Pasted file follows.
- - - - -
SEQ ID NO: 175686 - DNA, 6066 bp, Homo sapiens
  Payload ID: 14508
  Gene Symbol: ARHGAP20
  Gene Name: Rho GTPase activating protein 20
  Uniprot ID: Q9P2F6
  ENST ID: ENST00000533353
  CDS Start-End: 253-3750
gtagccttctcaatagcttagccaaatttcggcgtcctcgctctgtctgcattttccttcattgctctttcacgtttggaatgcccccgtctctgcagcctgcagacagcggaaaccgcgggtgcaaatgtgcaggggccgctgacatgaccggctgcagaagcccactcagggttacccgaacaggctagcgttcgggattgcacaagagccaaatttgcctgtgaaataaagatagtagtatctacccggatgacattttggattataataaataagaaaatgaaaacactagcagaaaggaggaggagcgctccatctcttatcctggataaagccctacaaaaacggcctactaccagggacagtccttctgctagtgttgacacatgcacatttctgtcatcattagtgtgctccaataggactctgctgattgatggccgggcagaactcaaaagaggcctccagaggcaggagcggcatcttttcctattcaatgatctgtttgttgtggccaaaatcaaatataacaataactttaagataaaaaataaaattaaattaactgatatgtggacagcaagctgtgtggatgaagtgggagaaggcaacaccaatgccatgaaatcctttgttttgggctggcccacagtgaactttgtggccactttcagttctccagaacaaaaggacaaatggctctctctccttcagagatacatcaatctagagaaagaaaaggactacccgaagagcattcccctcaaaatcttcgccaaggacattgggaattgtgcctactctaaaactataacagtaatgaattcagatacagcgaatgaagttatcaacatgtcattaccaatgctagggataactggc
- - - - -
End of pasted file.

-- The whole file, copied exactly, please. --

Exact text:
SEQ ID NO: 175686 - DNA, 6066 bp, Homo sapiens
  Payload ID: 14508
  Gene Symbol: ARHGAP20
  Gene Name: Rho GTPase activating protein 20
  Uniprot ID: Q9P2F6
  ENST ID: ENST00000533353
  CDS Start-End: 253-3750
gtagccttctcaatagcttagccaaatttcggcgtcctcgctctgtctgcattttccttcattgctctttcacgtttggaatgcccccgtctctgcagcctgcagacagcggaaaccgcgggtgcaaatgtgcaggggccgctgacatgaccggctgcagaagcccactcagggttacccgaacaggctagcgttcgggattgcacaagagccaaatttgcctgtgaaataaagatagtagtatctacccggatgacattttggattataataaataagaaaatgaaaacactagcagaaaggaggaggagcgctccatctcttatcctggataaagccctacaaaaacggcctactaccagggacagtccttctgctagtgttgacacatgcacatttctgtcatcattagtgtgctccaataggactctgctgattgatggccgggcagaactcaaaagaggcctccagaggcaggagcggcatcttttcctattcaatgatctgtttgttgtggccaaaatcaaatataacaataactttaagataaaaaataaaattaaattaactgatatgtggacagcaagctgtgtggatgaagtgggagaaggcaacaccaatgccatgaaatcctttgttttgggctggcccacagtgaactttgtggccactttcagttctccagaacaaaaggacaaatggctctctctccttcagagatacatcaatctagagaaagaaaaggactacccgaagagcattcccctcaaaatcttcgccaaggacattgggaattgtgcctactctaaaactataacagtaatgaattcagatacagcgaatgaagttatcaacatgtcattaccaatgctagggataactggc